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cancer David Dubin lung cancer Michael Speiser radiation therapy
“I’ve been married to my sweetheart, Janet, for 59 years. We have three sons, three daughters-in-law, and nine grandchildren — all I can say is I’m so happy to still be here to see them,” says Lawrence D’Ercole. He made history for being the first patient in New Jersey and one of the first in the country to undergo a new kind of radiation therapy for lung cancer following its FDA approval in April 2018.
The initial symptoms were mild enough — a little weight loss and a cough. So, when he was diagnosed with stage I lung cancer, it came as all the more of a shock to him and his family. “They did a CAT scan and found a nodule on my upper left lung. The patient coordinator at Englewood Health recommended I see Dr. Dubin,” D’Ercole says.
Unbeknownst to D’Ercole, David Dubin, MD, chief of radiation oncology, and Michael Speiser, PhD, chief physicist, had just finished establishing stereotactic body radiation therapy (SBRT) with Varian Calypso® Anchored Beacon® transponders at The Lefcourt Family Cancer Treatment and Wellness Center.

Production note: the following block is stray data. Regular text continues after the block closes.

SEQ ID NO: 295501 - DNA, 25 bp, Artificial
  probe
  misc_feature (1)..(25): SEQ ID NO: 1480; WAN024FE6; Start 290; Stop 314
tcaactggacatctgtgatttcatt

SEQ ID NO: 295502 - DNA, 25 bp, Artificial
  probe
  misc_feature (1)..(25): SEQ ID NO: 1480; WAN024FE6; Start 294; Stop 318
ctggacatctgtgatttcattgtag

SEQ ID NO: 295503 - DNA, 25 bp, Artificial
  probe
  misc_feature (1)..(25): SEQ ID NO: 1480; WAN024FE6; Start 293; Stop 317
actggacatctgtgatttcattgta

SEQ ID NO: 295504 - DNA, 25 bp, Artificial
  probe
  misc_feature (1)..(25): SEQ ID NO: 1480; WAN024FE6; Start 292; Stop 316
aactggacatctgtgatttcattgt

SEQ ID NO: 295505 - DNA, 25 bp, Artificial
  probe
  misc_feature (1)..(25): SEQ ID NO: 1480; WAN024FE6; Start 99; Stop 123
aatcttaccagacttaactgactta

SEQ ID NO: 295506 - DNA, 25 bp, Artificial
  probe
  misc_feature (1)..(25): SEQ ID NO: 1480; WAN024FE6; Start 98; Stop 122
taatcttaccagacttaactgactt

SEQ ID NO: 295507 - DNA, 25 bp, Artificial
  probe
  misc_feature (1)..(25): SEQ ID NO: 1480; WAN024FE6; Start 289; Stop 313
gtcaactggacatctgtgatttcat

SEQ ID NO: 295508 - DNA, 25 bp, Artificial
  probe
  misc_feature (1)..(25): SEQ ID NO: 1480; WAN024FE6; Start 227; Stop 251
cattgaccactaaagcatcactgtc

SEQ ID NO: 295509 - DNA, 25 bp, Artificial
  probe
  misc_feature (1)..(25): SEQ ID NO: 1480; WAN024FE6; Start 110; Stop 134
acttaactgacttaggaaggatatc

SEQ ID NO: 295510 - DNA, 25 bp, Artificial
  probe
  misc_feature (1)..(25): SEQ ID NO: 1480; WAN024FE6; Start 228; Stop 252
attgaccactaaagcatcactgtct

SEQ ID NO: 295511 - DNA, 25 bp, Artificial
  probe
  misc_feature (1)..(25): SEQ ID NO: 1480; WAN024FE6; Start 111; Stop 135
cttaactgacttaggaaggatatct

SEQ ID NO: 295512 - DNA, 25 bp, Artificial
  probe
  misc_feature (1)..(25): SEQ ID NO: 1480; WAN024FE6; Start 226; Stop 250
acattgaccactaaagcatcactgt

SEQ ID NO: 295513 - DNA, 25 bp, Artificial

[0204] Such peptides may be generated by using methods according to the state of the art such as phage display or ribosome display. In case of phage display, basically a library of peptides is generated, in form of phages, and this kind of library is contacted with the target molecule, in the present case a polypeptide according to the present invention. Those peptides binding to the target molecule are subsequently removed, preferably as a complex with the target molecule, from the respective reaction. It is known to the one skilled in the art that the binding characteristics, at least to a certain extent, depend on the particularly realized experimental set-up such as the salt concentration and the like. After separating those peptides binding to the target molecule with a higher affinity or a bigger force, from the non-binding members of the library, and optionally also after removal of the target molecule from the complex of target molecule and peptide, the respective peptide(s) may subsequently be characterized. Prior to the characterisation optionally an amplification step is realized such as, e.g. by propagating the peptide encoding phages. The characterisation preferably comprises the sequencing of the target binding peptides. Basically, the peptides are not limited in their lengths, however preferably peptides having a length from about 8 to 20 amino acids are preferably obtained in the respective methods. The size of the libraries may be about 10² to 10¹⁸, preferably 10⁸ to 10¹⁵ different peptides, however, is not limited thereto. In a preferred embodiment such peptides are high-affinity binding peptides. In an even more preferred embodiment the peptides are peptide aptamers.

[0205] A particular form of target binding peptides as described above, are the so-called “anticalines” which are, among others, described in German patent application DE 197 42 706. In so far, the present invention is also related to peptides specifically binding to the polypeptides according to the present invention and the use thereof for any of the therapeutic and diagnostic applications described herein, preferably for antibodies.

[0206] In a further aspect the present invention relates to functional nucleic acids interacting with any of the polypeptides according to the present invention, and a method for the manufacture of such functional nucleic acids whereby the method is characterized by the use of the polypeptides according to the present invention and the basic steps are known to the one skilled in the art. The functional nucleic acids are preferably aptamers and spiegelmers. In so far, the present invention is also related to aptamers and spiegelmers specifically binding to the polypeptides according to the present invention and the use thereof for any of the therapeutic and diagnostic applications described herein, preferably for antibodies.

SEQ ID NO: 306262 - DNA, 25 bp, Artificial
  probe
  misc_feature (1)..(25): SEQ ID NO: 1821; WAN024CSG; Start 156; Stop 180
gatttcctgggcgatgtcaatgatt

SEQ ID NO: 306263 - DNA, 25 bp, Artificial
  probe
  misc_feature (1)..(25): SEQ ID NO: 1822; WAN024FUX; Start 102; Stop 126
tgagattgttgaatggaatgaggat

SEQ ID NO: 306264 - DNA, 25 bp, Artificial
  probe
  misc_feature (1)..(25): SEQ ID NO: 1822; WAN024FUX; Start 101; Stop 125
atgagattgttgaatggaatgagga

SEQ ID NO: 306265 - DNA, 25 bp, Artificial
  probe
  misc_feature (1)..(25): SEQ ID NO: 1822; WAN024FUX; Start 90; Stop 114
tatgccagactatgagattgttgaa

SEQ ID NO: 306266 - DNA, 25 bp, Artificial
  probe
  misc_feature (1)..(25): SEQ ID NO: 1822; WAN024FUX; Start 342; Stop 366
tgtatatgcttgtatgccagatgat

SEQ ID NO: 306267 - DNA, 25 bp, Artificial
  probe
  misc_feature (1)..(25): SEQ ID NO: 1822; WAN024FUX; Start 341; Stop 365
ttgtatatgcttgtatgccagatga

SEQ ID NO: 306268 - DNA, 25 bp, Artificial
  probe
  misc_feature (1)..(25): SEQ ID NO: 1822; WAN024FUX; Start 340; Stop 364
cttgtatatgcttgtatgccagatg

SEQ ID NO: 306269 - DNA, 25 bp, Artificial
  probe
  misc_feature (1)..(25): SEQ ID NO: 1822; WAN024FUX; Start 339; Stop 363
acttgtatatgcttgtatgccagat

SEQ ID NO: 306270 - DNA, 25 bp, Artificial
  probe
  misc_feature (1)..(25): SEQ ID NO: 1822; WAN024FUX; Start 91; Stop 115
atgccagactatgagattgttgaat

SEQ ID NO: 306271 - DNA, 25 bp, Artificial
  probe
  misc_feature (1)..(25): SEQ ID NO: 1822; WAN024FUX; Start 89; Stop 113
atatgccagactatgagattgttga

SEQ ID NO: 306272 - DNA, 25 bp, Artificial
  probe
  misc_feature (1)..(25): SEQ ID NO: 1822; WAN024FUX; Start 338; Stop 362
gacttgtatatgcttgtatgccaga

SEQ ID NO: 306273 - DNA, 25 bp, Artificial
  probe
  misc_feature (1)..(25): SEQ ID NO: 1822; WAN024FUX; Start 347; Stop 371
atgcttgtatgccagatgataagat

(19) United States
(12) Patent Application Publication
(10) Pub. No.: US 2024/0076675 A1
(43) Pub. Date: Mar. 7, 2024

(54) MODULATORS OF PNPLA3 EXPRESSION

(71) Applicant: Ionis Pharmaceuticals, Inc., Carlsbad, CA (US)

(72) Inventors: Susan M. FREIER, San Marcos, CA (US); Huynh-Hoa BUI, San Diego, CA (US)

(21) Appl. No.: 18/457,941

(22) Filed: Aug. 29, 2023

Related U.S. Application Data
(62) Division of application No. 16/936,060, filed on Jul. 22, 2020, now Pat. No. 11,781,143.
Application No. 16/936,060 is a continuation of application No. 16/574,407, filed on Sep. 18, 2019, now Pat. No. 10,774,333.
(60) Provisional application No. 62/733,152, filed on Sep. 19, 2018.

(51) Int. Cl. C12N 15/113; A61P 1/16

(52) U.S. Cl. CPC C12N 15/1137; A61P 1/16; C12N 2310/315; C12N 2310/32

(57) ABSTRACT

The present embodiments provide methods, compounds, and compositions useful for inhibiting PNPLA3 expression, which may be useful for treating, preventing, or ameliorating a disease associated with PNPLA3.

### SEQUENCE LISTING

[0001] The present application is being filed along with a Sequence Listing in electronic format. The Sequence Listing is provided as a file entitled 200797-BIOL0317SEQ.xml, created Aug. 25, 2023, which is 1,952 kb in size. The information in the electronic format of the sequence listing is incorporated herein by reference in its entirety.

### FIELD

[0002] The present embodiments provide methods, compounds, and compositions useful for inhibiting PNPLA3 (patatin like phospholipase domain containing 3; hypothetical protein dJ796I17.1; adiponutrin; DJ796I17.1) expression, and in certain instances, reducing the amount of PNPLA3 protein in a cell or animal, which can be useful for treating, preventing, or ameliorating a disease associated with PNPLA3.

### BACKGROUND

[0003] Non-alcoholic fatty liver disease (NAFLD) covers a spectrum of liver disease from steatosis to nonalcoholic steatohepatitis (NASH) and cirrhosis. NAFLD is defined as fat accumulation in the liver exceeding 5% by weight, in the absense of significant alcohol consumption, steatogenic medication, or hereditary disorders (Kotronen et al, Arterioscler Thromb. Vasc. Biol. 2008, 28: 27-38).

Treating lung cancer with radiation therapy presents challenges. Ideal radiation treatment would target only the exact area of the tumor and no surrounding healthy tissue, but tumors in the lungs are constantly shifting position as the patient breathes. This motion typically requires larger treatment areas to ensure the moving tumor receives the full treatment. SBRT with Varian Calypso allows physicians to insert transponders — which act like a tiny GPS — around the tumor and track its whereabouts during radiation therapy 25 times a second. This makes the process much more precise and simultaneously spares the healthy tissue around the tumor.
“Mr. D’Ercole was a great candidate for this therapy,” says Dr. Dubin. “Not only was his tumor location appropriate, but he happened to be great at holding and controlling his breath, taking in the same amount of air with each inhale. Like any treatment, this won’t be appropriate in every case. Where the tumor is, the size of the patient, and the patient’s lung capacity all play a role. But this treatment should be the standard, in my opinion, simply because of how accurate it is,” Dr. Dubin says.
Two months after finishing radiation therapy, D’Ercole has started to feel better and has been spending a lot of time with his family. “I feel really lucky to have gotten to Englewood Health when I did. I’ve been there for other procedures and everyone is always great. I wouldn’t go anywhere else for treatment,” D’Ercole says.
Posted January 4, 2019